Almost half of the European 18-19 year olds live with their parents.
Fewer young Greeks live with their parents than in countries like Belgium, Italy, Portugal and Spain, according to new EU-wide research.
A report, entitled Social Situation of Young People in Europe, found that some 46 per cent of young people in Greece under the age of 29 – the same percentage as in Luxembourg – are living with their parents. This figure is up from 37 per cent in 2007.
That put it two points below the EU average. The survey found that almost half of 18-29 year olds in the EU are still living with their parents.
Compiled by the European Foundation for the Improvement of Living and Working Conditions (Eurofound), the report charts the changing social situation of young people aged between 18 and 29 across the EU. The report relates to data from 2011, whereas the previous report from the group contained data from 2007.
The study found that one in three (35 per cent) of young Greek people reported experiencing “serious deprivation”, which is defined as the “inability to afford items considered essential”. This figure is up from 20 per cent in 2007.
The survey asked respondents if their households could afford six basic items: keeping the home adequately warm; paying for a week’s annual holiday away from home (not staying with relatives); having a meal with meat, chicken or fish every second day; replacing worn-out furniture; buying new clothes rather than second-hand ones; and inviting friends or family for a drink or meal at least once a month.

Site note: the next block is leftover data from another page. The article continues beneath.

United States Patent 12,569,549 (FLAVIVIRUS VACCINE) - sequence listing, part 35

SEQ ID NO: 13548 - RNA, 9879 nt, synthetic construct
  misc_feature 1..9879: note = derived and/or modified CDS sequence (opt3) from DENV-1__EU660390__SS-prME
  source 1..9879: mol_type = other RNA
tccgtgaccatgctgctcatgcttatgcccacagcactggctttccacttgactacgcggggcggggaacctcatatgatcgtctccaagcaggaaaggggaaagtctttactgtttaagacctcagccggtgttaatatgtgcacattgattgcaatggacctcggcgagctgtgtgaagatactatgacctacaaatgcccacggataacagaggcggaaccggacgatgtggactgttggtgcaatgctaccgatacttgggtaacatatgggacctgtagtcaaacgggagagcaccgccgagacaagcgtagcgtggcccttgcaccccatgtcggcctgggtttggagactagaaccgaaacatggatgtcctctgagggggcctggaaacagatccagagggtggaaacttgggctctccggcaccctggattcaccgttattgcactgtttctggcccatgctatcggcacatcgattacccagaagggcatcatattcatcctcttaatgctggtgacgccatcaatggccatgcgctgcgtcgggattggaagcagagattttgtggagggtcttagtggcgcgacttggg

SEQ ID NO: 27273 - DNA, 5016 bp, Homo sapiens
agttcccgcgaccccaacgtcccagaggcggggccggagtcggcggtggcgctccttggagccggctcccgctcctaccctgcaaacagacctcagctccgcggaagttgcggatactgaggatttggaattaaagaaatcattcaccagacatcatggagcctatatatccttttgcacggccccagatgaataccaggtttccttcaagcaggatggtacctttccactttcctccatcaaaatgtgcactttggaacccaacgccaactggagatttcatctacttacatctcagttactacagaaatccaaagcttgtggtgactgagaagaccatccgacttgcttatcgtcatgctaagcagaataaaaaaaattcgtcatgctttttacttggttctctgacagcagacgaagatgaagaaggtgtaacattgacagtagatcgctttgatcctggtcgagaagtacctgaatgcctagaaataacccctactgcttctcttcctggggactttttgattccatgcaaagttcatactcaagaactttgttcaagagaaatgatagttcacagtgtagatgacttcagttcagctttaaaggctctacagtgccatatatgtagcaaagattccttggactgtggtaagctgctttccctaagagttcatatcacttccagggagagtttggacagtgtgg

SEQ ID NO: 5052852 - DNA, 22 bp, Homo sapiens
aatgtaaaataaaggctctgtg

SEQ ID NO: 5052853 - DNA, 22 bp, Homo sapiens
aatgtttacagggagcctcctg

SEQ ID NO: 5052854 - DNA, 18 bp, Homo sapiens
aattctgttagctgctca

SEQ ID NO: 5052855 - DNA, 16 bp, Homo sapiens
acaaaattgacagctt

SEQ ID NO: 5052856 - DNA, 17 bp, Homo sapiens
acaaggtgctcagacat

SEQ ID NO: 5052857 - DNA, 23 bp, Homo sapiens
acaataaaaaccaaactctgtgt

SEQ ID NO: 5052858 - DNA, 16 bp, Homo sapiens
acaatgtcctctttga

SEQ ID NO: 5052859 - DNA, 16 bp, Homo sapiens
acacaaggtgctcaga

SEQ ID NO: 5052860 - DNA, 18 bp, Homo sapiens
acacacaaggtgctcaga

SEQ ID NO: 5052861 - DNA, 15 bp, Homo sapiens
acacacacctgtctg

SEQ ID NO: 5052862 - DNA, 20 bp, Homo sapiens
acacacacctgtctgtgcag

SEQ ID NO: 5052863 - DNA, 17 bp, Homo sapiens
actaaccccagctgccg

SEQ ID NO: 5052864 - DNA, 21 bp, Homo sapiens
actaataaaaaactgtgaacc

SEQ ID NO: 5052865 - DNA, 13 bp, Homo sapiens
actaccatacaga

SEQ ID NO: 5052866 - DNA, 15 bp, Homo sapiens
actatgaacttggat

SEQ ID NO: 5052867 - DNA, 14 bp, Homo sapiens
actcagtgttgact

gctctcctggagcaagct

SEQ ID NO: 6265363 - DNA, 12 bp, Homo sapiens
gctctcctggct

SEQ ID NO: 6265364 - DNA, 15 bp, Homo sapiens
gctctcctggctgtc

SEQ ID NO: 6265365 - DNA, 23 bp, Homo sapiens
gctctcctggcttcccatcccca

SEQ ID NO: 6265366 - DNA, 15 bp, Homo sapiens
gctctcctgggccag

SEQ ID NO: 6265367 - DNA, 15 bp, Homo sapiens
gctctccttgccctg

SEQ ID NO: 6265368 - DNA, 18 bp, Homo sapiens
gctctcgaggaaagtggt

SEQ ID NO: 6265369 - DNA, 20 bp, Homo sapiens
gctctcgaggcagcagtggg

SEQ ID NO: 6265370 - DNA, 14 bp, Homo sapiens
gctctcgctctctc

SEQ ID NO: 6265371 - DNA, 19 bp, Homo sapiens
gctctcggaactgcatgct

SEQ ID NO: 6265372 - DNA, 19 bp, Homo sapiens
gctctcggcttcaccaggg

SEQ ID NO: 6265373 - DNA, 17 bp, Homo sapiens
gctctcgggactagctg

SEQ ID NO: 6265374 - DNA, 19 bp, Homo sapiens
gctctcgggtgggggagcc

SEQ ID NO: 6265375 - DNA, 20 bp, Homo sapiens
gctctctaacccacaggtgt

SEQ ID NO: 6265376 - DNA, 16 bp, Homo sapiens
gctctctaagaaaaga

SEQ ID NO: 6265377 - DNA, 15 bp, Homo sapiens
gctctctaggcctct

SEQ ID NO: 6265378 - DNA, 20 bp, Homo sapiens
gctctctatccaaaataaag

On the issue of health, some 68 per cent of young people in Greece said waiting times were a barrier to healthcare – the highest in the EU.
Compared with 2007, barriers in accessing healthcare, especially cost, have become more prevalent in some countries, in particular Greece, Malta, the Netherlands, Ireland and Slovakia.
The report said these increases were likely to reflect the 2011 austerity measures, such as limiting the duration of free healthcare for the unemployed to a year, and people in general having to contribute more towards medical costs.
Young people were most likely to have attended protests or demonstrations at least once in the year prior to the survey in Greece (22 per cent), followed by Cyprus (19 per cent), Spain (18 per cent) and France (17 per cent).
Another finding was that young Greeks had the lowest levels of trust in their government.
In 2011, young people rated their trust of the government at 2 on a scale of 1-10, down from 4.2 in 2007, the sharpest fall across the EU.
The report also found that young Greeks’ optimism in the future plummeted from 69 per cent in 2007 – when it was the same as the EU average – to 26 per cent in 2011, making them the most pessimistic in the EU.